The Parkland shooting earlier this year seemed at last to ignite a public movement in response to these terrible crimes. Yet even the cumulative impact of slaughter after slaughter has not softened the harsh divide of the American gun impasse. Back in 2012, Nate Silver observed: “Whether someone owns a gun is a more powerful predictor of a person’s political party than her gender, whether she identifies as gay or lesbian, whether she is Hispanic, whether she lives in the South, or a number of other demographic characteristics.”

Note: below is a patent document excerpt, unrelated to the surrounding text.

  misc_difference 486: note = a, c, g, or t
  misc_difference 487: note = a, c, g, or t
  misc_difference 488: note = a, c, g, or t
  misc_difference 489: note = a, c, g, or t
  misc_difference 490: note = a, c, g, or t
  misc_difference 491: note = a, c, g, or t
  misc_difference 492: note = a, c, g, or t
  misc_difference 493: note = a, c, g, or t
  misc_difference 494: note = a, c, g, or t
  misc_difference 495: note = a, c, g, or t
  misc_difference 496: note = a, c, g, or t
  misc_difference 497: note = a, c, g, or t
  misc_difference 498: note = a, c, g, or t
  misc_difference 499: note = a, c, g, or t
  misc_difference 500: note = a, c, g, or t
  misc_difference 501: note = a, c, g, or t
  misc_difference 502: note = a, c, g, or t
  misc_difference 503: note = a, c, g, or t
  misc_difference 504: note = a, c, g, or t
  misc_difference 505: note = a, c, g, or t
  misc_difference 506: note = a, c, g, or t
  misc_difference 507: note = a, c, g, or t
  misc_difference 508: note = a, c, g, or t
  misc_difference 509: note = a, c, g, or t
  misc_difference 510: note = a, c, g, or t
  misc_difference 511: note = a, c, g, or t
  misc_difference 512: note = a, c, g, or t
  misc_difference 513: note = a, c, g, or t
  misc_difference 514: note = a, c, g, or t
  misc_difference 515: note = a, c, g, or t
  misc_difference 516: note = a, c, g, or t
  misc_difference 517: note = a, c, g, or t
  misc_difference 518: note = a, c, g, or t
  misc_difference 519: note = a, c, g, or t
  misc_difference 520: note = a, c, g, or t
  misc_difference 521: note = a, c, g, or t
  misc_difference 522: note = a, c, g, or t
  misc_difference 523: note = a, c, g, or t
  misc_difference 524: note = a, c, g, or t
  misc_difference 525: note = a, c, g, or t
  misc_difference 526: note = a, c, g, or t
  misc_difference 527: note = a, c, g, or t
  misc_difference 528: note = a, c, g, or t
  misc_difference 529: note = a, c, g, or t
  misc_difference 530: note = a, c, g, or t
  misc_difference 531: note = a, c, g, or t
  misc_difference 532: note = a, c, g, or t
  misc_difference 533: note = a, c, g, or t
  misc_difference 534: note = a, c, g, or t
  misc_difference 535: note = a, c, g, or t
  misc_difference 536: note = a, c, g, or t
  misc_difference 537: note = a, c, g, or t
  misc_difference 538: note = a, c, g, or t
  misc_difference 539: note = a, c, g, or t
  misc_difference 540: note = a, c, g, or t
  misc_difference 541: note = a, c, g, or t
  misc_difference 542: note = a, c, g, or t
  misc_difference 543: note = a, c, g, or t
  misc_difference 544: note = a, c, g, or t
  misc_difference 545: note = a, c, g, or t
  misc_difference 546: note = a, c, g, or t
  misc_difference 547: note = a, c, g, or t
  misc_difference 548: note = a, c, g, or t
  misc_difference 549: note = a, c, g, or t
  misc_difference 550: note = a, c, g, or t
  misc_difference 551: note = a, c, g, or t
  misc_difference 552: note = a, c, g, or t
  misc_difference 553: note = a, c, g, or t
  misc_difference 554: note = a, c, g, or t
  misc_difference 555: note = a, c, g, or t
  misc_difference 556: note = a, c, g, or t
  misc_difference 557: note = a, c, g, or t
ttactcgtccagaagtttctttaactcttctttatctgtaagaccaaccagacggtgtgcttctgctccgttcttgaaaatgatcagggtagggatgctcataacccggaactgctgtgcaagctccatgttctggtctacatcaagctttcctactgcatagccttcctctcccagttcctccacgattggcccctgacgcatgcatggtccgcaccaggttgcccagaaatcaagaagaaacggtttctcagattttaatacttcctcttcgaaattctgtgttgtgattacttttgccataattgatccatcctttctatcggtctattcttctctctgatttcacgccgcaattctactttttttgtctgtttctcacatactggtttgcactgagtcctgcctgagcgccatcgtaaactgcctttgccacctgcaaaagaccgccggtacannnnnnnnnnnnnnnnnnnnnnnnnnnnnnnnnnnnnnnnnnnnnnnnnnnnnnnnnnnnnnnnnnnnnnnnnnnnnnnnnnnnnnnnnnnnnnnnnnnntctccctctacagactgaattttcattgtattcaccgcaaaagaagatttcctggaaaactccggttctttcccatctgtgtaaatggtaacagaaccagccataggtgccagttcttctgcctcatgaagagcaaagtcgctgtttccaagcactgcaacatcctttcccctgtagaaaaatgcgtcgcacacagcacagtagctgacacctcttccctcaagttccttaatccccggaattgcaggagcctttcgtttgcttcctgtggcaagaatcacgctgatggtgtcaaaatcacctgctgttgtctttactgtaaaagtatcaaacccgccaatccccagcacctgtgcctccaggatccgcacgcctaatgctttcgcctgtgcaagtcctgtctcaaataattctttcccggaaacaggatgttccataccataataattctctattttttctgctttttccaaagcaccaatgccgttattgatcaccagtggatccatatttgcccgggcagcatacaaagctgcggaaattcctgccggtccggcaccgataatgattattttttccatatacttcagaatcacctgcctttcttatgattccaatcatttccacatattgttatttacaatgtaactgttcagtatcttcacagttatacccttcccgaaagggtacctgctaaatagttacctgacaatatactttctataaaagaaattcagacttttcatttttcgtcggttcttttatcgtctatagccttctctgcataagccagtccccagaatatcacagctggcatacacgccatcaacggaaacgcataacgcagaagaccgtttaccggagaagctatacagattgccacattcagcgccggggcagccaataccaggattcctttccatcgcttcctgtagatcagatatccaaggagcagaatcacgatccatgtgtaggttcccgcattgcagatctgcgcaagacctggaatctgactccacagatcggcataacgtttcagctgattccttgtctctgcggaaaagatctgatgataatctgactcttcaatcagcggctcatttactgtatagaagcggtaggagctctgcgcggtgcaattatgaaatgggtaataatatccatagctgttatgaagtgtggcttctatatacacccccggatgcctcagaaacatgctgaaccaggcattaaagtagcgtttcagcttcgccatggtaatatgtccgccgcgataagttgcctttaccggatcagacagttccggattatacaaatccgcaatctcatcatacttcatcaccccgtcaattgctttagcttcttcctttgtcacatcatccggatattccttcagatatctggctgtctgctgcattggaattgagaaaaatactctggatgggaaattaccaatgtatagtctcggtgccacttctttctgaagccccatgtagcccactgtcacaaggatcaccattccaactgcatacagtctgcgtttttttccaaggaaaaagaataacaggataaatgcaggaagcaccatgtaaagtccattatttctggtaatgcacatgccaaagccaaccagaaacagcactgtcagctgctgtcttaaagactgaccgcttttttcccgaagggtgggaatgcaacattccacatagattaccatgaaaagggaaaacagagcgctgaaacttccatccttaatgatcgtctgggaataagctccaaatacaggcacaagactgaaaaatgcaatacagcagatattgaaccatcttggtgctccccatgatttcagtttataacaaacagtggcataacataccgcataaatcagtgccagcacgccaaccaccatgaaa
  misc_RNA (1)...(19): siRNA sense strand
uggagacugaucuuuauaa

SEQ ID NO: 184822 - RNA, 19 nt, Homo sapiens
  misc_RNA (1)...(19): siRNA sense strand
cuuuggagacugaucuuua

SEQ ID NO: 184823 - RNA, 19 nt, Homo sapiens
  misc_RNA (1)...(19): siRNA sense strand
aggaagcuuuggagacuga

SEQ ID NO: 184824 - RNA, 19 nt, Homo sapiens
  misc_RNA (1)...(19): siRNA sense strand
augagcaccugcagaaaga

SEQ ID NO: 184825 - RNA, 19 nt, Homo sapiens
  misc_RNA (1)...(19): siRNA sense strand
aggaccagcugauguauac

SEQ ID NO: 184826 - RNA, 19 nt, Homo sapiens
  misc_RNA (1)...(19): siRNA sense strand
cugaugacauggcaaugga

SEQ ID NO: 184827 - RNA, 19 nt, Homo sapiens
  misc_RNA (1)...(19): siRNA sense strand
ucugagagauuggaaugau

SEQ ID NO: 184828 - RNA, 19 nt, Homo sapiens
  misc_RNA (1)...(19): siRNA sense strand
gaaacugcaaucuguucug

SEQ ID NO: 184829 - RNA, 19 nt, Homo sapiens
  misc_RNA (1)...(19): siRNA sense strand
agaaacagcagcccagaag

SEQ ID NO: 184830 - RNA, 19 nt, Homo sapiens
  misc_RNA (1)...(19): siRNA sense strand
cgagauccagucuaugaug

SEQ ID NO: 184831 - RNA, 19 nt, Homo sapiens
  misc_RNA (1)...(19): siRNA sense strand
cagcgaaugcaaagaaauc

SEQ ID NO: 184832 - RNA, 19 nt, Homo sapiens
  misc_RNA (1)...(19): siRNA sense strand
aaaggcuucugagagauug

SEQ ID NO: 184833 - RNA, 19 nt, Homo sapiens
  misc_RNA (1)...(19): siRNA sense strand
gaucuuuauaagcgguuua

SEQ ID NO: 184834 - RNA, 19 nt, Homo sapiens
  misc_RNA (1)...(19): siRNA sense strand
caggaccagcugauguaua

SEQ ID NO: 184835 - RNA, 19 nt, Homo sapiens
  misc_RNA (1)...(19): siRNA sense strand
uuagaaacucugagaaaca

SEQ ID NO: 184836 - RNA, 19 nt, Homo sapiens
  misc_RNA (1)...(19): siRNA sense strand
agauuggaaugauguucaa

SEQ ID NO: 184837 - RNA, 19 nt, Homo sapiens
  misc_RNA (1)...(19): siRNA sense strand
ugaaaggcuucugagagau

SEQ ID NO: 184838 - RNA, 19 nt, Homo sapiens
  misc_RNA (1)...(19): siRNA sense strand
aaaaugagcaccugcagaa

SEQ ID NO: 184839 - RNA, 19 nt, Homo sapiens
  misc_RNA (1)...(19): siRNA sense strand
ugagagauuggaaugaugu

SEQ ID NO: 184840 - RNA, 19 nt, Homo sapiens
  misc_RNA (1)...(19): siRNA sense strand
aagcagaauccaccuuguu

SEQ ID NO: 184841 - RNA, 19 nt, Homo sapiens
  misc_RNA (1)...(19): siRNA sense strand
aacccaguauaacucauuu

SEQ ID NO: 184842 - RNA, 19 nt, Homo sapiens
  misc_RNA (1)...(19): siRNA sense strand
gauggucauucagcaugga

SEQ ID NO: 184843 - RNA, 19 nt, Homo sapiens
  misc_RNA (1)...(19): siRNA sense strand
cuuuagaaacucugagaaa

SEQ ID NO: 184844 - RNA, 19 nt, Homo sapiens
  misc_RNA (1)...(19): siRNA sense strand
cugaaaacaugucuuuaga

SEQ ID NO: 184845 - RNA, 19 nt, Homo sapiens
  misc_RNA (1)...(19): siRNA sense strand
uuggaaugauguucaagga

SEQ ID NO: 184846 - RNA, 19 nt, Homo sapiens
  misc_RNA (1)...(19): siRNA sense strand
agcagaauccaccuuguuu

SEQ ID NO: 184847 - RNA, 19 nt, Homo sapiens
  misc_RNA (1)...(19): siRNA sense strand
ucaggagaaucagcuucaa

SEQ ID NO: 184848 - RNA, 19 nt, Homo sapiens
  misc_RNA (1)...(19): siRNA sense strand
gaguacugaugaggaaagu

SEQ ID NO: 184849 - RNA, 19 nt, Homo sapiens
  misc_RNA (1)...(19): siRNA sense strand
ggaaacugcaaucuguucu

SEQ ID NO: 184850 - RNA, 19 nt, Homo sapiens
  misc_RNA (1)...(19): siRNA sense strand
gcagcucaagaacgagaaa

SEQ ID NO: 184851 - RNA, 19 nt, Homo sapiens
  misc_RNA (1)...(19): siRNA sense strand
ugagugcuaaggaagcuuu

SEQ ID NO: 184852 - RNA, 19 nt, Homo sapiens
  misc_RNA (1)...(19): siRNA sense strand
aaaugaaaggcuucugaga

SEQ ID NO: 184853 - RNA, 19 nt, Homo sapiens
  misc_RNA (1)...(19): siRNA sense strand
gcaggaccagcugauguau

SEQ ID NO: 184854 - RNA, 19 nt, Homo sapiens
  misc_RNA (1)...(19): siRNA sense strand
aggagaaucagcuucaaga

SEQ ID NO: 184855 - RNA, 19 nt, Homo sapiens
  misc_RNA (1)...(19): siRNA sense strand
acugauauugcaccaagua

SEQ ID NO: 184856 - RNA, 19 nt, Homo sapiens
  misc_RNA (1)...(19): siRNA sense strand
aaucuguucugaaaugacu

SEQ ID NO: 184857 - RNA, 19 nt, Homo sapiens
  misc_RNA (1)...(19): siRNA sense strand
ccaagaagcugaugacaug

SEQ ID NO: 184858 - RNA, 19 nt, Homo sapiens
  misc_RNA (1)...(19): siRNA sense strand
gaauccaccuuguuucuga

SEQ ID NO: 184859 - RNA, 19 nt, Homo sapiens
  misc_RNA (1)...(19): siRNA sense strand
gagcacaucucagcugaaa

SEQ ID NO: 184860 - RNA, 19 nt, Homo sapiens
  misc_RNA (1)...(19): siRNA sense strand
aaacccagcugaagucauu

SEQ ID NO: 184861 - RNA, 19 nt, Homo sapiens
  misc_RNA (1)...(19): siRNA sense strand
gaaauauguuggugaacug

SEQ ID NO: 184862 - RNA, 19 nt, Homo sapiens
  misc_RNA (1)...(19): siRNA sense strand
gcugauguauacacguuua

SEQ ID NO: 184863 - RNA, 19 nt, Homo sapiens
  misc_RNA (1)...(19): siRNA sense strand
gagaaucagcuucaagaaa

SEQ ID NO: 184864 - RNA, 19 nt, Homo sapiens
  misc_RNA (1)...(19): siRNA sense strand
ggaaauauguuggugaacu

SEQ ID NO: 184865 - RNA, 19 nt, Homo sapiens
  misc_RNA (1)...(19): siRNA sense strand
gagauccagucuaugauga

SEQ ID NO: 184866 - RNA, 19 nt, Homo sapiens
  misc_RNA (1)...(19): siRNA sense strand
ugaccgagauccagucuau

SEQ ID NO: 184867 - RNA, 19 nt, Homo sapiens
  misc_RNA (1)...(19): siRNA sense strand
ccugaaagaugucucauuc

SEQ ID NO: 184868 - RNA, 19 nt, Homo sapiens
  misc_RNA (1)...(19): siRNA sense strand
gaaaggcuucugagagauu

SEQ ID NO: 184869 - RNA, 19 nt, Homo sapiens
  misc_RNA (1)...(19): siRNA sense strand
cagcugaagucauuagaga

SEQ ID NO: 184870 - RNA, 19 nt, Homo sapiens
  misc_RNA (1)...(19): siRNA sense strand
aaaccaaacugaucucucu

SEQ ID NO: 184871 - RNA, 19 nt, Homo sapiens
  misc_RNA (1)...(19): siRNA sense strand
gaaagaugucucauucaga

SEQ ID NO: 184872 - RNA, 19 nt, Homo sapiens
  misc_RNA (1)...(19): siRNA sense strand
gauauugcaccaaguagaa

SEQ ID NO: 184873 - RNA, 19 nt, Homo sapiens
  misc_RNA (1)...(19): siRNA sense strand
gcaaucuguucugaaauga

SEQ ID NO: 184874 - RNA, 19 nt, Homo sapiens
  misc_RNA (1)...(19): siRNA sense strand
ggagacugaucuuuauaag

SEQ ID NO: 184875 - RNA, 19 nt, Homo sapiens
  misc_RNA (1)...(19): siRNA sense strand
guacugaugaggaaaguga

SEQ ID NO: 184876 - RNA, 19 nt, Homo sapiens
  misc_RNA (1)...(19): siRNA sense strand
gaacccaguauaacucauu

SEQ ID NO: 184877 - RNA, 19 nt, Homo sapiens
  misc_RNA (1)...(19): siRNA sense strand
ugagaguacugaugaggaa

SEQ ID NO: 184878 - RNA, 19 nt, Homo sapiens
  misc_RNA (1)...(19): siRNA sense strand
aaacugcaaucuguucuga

More than 70 percent of Trump voters in 2016 described guns as “very important” to their vote, versus only 40 percent who described abortion as “very important” to their vote and only 25 percent who felt that way about gay rights. With the slow fading of battles over same-sex marriage and abortion, and the rapid collapse of other aspects of conservative ideology, guns may now rank as the single most important political dividing line in 21st century America.
Only 30 percent of Americans own guns. Thus far, that minority has sufficed to block substantial federal action on guns. But a one-third minority—and especially a non-urban one-third minority—may no longer suffice to shape American culture.